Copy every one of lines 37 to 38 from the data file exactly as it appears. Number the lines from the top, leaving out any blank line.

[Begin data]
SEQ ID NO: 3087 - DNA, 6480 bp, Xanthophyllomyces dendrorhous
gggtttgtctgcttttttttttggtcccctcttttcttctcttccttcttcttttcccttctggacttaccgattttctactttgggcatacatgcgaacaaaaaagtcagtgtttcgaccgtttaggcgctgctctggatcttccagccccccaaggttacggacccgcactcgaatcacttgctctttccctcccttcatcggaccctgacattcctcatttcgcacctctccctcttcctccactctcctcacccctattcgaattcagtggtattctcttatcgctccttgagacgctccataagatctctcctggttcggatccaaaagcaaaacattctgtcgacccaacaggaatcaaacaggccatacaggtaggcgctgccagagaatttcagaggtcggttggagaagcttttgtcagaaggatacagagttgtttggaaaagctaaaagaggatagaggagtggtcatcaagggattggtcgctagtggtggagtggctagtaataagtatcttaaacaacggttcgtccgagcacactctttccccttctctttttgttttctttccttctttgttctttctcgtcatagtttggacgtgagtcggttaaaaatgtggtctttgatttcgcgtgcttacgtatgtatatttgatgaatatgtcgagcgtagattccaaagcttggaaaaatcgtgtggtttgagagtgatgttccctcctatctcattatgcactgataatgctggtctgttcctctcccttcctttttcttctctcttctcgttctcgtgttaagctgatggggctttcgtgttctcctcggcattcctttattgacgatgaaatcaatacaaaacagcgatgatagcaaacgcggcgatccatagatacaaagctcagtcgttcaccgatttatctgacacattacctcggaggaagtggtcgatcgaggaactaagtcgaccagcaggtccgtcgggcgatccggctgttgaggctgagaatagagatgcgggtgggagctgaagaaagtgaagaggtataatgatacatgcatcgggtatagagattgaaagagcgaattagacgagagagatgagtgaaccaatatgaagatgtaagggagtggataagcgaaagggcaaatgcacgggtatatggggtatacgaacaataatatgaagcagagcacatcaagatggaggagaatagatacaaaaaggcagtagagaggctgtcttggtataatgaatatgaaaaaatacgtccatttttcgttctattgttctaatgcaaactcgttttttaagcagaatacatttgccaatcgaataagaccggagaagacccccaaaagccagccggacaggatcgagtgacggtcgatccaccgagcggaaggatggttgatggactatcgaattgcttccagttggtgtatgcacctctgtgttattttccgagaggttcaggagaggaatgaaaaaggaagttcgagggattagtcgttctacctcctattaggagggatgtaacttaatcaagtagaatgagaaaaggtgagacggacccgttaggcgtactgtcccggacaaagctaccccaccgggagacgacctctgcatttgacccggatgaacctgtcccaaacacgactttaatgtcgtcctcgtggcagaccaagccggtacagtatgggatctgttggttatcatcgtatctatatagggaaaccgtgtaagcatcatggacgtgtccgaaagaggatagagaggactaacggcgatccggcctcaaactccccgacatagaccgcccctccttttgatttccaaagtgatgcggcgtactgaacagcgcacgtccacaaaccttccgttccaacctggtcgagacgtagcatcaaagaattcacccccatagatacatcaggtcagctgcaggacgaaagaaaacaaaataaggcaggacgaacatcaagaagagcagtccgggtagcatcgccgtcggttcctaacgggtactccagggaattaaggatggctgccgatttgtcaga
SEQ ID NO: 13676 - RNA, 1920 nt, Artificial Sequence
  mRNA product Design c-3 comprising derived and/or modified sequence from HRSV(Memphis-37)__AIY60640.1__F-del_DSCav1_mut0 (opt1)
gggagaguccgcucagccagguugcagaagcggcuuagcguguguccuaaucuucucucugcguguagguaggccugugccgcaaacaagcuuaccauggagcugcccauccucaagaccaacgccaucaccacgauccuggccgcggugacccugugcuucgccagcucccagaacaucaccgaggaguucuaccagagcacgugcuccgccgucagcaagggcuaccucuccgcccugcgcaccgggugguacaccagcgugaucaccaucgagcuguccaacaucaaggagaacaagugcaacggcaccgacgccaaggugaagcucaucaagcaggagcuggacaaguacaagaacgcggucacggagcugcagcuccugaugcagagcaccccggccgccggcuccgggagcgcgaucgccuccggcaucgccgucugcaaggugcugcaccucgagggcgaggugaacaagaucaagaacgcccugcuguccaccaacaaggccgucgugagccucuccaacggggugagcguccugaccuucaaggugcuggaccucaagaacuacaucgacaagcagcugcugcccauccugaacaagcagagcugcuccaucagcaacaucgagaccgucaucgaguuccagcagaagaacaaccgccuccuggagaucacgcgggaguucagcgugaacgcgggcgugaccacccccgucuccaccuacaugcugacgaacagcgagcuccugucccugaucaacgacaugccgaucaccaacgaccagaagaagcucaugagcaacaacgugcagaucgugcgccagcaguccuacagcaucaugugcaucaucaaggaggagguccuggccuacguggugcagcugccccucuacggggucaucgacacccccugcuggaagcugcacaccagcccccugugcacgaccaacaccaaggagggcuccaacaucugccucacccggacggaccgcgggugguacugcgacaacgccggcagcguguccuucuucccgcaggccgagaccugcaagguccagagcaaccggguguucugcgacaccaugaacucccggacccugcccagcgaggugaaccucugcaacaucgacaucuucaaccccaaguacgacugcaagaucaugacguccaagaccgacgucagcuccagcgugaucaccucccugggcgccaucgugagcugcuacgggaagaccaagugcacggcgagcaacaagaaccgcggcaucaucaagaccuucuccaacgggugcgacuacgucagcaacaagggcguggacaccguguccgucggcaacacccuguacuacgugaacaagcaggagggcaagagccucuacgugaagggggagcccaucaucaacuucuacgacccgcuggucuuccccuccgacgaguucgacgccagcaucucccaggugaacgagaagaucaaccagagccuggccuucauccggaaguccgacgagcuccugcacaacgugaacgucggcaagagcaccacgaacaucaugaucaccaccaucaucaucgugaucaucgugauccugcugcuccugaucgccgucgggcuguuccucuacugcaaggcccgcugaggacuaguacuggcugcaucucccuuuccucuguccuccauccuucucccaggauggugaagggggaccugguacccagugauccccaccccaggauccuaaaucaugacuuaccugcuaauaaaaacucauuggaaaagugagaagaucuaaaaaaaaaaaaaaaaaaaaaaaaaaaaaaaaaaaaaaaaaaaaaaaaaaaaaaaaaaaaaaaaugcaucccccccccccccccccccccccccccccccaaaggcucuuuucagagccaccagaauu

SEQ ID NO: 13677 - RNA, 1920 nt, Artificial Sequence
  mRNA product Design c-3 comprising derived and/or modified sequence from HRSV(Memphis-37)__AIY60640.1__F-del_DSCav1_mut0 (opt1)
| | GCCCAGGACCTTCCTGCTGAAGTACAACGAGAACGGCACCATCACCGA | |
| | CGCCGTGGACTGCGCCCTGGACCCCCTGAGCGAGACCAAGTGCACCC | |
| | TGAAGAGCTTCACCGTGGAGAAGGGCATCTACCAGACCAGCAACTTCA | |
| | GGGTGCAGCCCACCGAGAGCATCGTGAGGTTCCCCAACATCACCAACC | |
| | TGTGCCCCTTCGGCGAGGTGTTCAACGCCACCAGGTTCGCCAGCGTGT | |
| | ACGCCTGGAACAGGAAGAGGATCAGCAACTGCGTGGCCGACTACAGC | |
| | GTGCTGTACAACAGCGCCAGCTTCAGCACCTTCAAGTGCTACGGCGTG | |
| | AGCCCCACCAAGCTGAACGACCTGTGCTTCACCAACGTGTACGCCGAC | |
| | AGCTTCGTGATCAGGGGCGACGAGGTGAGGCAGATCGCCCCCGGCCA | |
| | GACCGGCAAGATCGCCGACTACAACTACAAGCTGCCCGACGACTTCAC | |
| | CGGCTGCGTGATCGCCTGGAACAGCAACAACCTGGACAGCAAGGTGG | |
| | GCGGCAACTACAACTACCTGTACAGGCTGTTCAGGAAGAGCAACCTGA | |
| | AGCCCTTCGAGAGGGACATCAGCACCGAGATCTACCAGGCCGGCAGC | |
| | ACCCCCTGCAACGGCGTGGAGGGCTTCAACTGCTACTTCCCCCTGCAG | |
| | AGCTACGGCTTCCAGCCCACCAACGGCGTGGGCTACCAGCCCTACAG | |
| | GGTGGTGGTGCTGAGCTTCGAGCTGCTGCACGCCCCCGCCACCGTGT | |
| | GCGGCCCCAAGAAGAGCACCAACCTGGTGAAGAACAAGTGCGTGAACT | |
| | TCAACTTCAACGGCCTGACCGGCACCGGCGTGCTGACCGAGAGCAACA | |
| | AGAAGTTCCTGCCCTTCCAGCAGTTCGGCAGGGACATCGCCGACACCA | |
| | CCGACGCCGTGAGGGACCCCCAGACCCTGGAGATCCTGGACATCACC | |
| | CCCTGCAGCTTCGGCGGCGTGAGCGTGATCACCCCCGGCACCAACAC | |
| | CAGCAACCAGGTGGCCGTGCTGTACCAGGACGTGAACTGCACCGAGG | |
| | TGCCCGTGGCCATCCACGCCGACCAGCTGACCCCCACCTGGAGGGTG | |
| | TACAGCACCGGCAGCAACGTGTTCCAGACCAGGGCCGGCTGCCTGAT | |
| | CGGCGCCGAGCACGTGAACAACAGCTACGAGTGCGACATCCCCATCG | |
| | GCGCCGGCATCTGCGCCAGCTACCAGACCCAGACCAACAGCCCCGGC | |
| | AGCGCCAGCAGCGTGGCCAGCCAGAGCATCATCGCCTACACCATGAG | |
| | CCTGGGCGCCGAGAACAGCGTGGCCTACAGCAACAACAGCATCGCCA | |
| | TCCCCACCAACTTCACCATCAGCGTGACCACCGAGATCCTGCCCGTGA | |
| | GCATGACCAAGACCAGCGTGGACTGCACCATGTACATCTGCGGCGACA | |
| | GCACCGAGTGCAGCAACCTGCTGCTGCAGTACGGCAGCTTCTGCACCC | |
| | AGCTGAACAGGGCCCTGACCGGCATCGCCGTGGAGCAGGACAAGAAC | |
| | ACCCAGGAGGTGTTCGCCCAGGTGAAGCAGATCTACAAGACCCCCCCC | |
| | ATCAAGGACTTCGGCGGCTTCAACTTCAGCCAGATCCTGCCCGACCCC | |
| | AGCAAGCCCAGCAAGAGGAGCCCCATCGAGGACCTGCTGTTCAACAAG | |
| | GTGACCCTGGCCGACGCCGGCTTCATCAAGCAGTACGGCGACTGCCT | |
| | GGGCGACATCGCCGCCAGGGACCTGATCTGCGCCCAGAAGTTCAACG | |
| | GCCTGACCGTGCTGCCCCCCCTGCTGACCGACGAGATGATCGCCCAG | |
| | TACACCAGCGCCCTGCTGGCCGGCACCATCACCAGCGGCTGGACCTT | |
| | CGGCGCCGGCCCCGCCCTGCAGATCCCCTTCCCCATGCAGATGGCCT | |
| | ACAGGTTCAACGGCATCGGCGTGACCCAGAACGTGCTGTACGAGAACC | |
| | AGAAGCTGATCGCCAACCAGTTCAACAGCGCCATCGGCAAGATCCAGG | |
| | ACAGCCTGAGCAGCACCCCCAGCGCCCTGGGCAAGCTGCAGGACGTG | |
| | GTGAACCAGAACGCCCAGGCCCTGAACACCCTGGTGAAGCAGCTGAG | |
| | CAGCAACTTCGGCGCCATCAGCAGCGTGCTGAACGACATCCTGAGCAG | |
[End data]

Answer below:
| | GCATGACCAAGACCAGCGTGGACTGCACCATGTACATCTGCGGCGACA | |
| | GCACCGAGTGCAGCAACCTGCTGCTGCAGTACGGCAGCTTCTGCACCC | |